LAMDA’s metamaterials research was featured in the latest Louisiana EPSCoR newsletter (View the newsletter as a PDF):
Natural structures inspire the design of new lightweight metamaterials
You wouldn’t expect to hear about hedgehogs and porcupines in a materials science research lab, but their spines and quills are very much of interest because they have superior resistance to buckling, while also being hollow and lightweight.
Nature has perfected structure specialization in so many ways and researchers have realized that investigating new materials benefits greatly with “biomimetics,” which is the field of science that draws from biological processes and designs found in nature.
The menu of nature’s finest engineering designs is extensive and the combinations of strengths and benefits are unlimited. For example, combine the buckling resistance of hedgehog spines, the strength-to-weight ratio of bamboo— which is very light and can withstand up to 52,000 pounds of pressure per square inch— and the tough scales of fish that provide vibration damping and streamlined hydrodynamics, and you could possibly design significantly stronger, lighter, faster, and more fuel-efficient aircraft fuselages, ship hulls, and car bodies.
Louisiana Materials Design Alliance (LAMDA) researchers are using biomimetics in the design of new structures that solve engineering problems relating to strength, weight, durability, and more. LAMDA is funded by a $20 million cooperative agreement with the National Science Foundation and support from the Louisiana Board of Regents.
Specifically, LAMDA researchers are designing “sandwich structures,” that are thin-walled cellular structures and lattice designs sandwiched between two thin outer skins. These composite materials are lightweight and strong due to the structure of the core of the sandwich, which can vary anywhere from a simple grid to complicated 3D shapes. The goal is to design new cores that can be used to manufacture the lightest and strongest sandwich structures.
Photo: Mr. Adithya Challapalli, LSU Ph.D. student, is holding several optimized lattice cores 3D printed using a TSMP ink.
But it doesn’t stop there. The team is researching lightweight structures with an extra feature of being made out of 3D printed Thermoset Shape Memory Polymers (TSMP). These highly specialized polymers are “smart” materials and have “shape memory,” the capability of returning to its original shape after being deformed or triggered by certain stimuli. This added smart property categorizes this class of new materials as “metamaterials.”
The challenge is that taking inspiration from nature and testing each design with classic numerical analysis techniques is a very time consuming endeavor due to the millions of possible structural combinations.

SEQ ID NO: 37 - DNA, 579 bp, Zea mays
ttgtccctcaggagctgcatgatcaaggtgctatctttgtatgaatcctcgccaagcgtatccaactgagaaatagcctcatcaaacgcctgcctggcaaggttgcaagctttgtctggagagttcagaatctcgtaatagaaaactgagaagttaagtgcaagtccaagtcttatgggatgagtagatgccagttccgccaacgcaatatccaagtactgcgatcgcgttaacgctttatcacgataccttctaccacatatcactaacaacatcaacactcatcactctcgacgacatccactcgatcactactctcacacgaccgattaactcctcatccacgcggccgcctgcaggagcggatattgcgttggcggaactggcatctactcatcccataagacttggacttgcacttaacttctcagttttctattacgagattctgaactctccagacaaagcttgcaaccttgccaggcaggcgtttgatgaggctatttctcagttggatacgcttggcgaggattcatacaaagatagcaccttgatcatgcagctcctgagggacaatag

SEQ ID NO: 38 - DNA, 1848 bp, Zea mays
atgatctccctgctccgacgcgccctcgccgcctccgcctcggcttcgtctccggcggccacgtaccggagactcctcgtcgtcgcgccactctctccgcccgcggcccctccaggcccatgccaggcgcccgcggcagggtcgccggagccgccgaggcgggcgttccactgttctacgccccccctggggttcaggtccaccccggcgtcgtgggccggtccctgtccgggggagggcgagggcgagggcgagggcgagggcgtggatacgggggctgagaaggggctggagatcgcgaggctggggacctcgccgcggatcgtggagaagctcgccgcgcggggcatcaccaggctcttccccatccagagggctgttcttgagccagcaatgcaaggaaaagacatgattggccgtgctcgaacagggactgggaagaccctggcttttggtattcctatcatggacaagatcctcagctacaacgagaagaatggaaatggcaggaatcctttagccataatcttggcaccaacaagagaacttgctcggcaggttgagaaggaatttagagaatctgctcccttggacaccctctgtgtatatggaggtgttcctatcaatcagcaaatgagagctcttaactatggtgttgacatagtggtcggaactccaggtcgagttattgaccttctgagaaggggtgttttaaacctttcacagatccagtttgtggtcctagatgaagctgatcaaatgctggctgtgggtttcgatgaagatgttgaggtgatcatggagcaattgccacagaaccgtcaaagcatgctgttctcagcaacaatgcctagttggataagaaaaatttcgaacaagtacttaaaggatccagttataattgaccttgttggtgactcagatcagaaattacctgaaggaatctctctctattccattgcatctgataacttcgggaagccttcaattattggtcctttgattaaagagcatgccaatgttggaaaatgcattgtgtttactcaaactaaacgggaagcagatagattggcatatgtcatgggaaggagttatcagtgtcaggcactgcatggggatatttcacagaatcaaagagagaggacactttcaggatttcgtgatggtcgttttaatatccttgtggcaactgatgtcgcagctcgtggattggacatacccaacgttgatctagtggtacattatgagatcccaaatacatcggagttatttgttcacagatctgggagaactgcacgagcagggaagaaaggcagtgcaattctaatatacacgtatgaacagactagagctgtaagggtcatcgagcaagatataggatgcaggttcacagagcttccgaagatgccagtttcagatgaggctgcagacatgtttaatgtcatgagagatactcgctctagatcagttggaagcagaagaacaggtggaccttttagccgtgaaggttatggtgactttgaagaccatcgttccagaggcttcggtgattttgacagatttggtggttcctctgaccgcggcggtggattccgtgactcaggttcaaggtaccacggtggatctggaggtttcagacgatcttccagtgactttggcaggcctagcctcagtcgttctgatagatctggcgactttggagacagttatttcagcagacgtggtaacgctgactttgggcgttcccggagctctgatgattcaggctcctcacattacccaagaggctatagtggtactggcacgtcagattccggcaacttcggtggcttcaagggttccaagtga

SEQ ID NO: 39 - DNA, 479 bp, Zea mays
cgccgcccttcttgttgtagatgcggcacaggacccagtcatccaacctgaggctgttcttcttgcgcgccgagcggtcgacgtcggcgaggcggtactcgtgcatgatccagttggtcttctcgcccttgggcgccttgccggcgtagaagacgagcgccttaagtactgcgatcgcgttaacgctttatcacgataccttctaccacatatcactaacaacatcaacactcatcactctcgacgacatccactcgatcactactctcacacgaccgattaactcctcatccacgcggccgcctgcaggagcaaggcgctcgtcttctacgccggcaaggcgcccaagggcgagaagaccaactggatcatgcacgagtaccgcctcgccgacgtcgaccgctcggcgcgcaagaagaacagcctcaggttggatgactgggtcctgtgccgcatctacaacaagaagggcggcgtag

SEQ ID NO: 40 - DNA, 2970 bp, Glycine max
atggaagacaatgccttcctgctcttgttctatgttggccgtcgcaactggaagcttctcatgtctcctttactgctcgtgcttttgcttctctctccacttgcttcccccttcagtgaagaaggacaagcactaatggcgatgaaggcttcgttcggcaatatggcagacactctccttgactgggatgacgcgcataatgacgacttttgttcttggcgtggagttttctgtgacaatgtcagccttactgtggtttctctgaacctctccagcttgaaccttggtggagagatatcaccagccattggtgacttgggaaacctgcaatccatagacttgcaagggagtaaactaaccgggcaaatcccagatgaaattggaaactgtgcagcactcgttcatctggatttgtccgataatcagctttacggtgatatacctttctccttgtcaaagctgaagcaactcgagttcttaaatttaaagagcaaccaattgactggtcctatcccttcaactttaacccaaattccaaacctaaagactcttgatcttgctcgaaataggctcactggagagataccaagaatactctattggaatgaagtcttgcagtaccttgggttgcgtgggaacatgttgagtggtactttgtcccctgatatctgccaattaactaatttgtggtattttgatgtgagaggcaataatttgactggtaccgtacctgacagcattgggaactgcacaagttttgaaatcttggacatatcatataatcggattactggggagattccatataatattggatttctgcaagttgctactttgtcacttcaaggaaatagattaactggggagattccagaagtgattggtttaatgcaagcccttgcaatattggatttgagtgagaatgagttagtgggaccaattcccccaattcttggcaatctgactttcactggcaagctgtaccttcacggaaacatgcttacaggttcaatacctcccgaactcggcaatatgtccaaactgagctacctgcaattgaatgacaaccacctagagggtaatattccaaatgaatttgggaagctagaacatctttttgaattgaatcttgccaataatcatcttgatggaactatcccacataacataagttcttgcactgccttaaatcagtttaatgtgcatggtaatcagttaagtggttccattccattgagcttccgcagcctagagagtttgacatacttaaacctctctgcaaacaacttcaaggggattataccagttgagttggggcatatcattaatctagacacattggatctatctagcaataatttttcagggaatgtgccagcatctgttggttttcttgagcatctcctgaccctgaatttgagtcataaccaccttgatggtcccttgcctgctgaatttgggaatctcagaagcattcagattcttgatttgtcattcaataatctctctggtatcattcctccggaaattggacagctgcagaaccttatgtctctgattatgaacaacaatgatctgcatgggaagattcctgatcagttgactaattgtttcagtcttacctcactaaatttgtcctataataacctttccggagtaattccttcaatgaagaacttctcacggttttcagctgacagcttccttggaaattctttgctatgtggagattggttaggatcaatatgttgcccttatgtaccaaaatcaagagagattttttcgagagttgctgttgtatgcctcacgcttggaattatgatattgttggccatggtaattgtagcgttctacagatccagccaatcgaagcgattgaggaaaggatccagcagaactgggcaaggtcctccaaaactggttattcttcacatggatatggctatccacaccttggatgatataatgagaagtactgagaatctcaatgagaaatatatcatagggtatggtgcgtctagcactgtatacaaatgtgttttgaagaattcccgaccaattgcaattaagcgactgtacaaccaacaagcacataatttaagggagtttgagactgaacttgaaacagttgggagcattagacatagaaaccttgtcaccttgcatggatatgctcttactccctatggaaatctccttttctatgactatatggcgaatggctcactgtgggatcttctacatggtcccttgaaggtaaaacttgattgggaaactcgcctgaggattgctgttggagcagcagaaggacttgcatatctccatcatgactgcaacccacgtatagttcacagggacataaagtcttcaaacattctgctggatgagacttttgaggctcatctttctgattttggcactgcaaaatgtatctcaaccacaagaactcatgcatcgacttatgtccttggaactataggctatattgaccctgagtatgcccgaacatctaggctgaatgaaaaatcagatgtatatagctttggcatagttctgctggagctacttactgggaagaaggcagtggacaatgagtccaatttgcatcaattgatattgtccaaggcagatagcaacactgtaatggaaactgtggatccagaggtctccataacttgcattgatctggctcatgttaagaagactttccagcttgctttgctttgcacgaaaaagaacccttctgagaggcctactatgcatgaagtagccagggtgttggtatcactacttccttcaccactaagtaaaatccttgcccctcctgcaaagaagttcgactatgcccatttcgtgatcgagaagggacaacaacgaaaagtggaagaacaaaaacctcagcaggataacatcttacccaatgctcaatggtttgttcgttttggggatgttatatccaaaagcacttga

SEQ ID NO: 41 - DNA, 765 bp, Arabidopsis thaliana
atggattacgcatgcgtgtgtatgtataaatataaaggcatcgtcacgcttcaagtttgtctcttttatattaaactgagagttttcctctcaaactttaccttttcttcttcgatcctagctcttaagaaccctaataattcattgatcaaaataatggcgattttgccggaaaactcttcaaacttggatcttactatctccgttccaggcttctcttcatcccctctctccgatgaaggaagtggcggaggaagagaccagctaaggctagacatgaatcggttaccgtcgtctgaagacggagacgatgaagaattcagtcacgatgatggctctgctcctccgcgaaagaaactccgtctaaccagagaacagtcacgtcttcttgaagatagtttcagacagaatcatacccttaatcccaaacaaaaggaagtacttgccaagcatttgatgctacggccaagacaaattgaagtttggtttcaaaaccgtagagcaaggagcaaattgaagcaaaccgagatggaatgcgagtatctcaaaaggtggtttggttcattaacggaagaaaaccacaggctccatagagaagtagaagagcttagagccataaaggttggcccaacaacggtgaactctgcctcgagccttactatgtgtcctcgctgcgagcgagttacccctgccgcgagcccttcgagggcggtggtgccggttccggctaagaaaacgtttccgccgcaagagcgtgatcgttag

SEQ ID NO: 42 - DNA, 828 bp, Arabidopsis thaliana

LAMDA Research Assistant and PhD student at LSU, Adithya Challapalli, is taking the TSMP design to the next level with machine learning. He developed a generative adversarial network (GAN) and regression analysis to discover the correlation between the microstructures and mechanical properties of biomimetic rods and then further optimized the biomimetic rods into lattice and cellular structures as a sandwich core. In addition, he developed a new inverse machine learning framework to speed up the process of discovering new metamaterials with superior properties.
“Mr. Adithya Challapalli developed a new inverse machine learning framework, and successfully discovered several new metamaterials with mechanical strength, natural frequency, and impact tolerance superior to their natural counterparts, such as honeycomb,” said Dr. Guoqiang Li. “Most interestingly, he discovered several new lattice structures and thin-walled cellular structures, 3D printed them using TSMP, and proved that these structures have record-high recovery stress. His inverse machine learning framework has a good potential to optimize other engineering structures and devices,” added Li.
Challapalli is in the last semester of his doctorate program, and is appreciative to Dr. Li, Major Morris S. & DeEtte A. Anderson Memorial LSU Alumni Professor and John W. Rhea, Jr. Professor of Mechanical Engineering at LSU, and Distinguished Research Professor at Southern University, for providing guidance and the freedom to explore different research ideas in this multidisciplinary field, and bringing together collaborators in material science, structural mechanics, and computer science.
“I believe the inverse design frameworks and machine learning techniques proposed through my research can be extended and be used as an alternative data-driven optimization technique. The lightweight structures discovered through these frameworks are much superior to previously designed structures in terms of load-carrying capacities, buckling and impact strengths, energy absorption and shape recovery properties with applications in aerospace, automobiles, naval vessels etc.,” said Challapalli.
Challapalli’s imminent completion of his PhD in Engineering Science with a Materials Science & Engineering concentration will be a great complement to his B.S. in Mechanical Engineering from India and M.S. in Mechanical & Energy Engineering from University of North Texas. He is currently looking for a job in the industrial sector as a mechanical designer or research and development engineer.
Figure: Step-by-step optimization by machine learning for discovering cores for lightweight sandwich structures.